Wives with more education than their husbands no longer at increased risk of divorce
For decades, couples in which a wife had more education than her husband faced a higher risk of divorce than those in which a husband had more education, but a new study finds this is no longer the case.
"We also found that couples in which both individuals have equal levels of education are now less likely to divorce than those in which husbands have more education than their wives," said Christine R. Schwartz, lead author of the study and an associate professor of sociology at the University of Wisconsin-Madison. "These trends are consistent with a shift away from a breadwinner-homemaker model of marriage toward a more egalitarian model of marriage in which women's status is less threatening to men's gender identity."
Titled "The Reversal of the Gender Gap in Education and Trends in Martial Dissolution," the study, which appears in the August issue of the American Sociological Review, considers heterosexual U.S. marriages formed from 1950-2009.
Beginning in the mid-1980s, women's college completion rates began to exceed men's, and their educational advantage has continued to grow since then, showing no signs of slowing. According to the study, among couples who married between 2005 and 2009, more than 60 percent of those consisting of individuals with different levels of education featured a wife who was more educated than her husband—an increase from about 35 percent in the early 1950s. Among couples who married in the 1990s or later, a wife's educational advantage over her husband was no longer associated with an increased risk of divorce.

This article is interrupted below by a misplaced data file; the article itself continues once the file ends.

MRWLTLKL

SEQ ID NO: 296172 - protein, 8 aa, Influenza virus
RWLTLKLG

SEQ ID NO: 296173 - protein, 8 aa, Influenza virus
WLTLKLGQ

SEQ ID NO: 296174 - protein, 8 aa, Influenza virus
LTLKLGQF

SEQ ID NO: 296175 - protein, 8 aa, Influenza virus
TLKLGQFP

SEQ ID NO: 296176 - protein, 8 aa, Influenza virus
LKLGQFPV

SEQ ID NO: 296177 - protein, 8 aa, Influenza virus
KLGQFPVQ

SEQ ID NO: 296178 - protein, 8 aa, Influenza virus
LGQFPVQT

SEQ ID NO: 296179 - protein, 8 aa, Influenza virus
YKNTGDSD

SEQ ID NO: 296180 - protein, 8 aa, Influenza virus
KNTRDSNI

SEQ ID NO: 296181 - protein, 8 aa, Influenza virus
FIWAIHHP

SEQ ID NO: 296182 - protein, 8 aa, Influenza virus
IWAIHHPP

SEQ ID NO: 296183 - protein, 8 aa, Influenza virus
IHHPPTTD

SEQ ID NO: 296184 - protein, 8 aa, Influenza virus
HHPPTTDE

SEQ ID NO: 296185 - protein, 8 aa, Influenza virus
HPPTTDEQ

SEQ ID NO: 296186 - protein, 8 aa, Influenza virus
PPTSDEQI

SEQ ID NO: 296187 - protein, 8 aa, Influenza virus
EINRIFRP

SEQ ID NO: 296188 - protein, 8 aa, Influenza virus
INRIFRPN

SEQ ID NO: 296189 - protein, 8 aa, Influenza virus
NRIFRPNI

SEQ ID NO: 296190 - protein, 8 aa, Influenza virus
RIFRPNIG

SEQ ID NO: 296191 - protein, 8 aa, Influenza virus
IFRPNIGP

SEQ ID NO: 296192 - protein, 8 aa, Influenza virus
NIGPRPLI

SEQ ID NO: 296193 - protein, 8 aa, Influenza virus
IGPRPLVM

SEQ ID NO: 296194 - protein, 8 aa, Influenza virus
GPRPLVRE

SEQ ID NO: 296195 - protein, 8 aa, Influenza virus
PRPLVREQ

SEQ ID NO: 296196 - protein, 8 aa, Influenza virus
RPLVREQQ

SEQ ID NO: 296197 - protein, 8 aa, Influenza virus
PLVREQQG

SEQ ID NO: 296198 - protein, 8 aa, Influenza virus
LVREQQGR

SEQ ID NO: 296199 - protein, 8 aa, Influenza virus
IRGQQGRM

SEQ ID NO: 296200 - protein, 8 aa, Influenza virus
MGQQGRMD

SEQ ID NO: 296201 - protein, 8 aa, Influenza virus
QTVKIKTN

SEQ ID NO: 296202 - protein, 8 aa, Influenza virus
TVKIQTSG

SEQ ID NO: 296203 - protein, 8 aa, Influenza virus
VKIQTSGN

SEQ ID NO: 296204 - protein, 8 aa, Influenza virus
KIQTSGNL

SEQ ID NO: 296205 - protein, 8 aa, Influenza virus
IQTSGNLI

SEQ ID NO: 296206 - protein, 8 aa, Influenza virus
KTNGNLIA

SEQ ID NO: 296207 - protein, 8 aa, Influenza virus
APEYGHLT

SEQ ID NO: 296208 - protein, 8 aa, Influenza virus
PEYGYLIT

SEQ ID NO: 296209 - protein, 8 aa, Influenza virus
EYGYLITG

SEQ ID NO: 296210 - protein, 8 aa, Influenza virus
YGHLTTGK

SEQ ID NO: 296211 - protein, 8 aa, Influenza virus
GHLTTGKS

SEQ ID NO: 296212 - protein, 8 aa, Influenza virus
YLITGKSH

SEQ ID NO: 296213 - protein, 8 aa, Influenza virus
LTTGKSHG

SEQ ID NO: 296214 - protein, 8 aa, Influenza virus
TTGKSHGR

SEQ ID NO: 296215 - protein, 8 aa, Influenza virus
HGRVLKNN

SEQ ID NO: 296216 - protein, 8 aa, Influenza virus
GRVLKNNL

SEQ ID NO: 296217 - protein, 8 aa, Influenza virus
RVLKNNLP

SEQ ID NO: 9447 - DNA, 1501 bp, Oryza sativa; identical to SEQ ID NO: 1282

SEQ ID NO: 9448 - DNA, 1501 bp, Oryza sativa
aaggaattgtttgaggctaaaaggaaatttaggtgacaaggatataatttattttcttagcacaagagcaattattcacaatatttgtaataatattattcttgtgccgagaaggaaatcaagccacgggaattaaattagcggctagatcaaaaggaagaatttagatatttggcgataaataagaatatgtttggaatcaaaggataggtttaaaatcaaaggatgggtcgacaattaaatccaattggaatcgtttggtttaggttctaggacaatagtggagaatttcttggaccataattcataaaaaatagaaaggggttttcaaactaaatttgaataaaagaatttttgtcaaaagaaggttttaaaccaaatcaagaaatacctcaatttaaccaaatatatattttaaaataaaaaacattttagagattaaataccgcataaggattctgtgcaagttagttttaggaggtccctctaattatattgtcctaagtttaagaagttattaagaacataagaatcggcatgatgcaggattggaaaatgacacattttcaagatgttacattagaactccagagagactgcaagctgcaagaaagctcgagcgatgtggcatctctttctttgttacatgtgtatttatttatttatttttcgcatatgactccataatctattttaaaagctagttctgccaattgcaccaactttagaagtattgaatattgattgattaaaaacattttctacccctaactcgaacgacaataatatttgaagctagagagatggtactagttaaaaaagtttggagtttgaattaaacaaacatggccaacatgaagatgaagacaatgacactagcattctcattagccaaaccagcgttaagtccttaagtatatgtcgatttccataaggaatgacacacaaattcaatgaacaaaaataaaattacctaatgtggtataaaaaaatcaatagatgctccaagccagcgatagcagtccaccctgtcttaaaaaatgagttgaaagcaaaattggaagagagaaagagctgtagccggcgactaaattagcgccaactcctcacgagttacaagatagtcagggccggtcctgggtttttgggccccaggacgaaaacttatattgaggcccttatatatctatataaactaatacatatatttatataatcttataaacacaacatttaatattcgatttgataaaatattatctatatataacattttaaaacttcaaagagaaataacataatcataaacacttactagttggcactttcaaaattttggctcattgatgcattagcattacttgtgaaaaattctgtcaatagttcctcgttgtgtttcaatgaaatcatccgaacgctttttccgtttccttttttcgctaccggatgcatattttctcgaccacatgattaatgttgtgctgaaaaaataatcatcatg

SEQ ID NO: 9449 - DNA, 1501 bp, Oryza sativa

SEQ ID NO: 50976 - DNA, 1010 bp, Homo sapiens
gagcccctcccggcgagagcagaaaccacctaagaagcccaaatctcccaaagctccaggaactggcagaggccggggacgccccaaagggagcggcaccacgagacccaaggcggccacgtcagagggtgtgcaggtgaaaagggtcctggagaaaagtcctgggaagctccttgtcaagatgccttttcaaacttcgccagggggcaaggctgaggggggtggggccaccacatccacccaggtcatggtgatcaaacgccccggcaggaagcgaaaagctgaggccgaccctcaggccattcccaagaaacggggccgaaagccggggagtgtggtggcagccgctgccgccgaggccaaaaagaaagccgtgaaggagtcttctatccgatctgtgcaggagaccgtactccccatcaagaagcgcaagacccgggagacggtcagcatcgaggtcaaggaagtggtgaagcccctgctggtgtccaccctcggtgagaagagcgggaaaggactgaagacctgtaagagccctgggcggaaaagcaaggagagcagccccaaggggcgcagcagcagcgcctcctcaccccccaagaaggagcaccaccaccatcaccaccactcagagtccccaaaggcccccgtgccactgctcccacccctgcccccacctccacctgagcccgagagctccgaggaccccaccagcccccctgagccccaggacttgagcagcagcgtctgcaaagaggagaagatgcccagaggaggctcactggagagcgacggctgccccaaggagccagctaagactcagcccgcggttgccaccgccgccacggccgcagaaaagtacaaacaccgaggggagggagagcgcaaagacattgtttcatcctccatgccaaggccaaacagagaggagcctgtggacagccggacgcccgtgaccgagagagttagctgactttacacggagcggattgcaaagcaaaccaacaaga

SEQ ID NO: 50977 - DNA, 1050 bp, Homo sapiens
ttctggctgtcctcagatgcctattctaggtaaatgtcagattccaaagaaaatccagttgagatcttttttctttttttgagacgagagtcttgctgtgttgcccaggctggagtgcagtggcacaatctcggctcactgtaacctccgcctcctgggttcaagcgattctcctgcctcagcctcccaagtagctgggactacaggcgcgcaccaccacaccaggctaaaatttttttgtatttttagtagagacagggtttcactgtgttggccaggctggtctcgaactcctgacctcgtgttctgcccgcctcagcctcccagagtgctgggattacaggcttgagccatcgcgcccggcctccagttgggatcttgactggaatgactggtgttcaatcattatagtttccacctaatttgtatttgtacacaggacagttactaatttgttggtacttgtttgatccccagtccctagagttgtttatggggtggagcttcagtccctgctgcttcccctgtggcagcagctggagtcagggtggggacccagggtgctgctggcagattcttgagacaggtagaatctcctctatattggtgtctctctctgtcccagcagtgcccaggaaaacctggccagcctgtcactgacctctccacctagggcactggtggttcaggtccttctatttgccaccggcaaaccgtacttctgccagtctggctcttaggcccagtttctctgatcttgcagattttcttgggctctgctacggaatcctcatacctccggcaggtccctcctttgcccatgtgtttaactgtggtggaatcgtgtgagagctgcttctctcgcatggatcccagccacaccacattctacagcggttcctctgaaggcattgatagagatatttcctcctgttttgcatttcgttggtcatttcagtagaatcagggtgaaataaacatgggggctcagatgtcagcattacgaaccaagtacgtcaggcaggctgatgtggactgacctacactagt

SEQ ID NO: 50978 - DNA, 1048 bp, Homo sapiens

"Rather than doggedly adhering to norms that wives should have lower status than their husbands, men and women are increasingly forming relationships in which women have the educational advantage—so much so that it is now more common for wives to have more education than their husbands than the reverse pattern," said Schwartz, who co-authored the study with Hongyun Han, a research data analyst in the Feinberg School of Medicine's Health Disparities and Public Policy Program at Northwestern University. "The relationship between one's educational attainment, marriage formation, and risk of divorce appears to suggest that couples are adapting to the demographic reality that women have more education than men."
Regarding the finding that marriages between educational equals are more stable than those in which the husband has more education, Schwartz said perhaps this should not be surprising. "Young people today strongly believe in egalitarian marriage—even if they don't always follow it in practice," she said.
Schwartz and Han found that couples married between 2000 and 2004 in which both individuals had the same level of education were about one-third less likely to divorce than those in which husbands had more education than their wives. By way of comparison, couples married in the 1950s in which both individuals had the same educational attainment were just as likely to divorce as couples in which husbands had more education.
"Overall, our results speak against fears that women's growing educational advantage over men has had negative effects on marital stability," Schwartz said. "Further, the findings provide an important counterpoint to claims that progress toward gender equality in heterosexual relationships has stalled."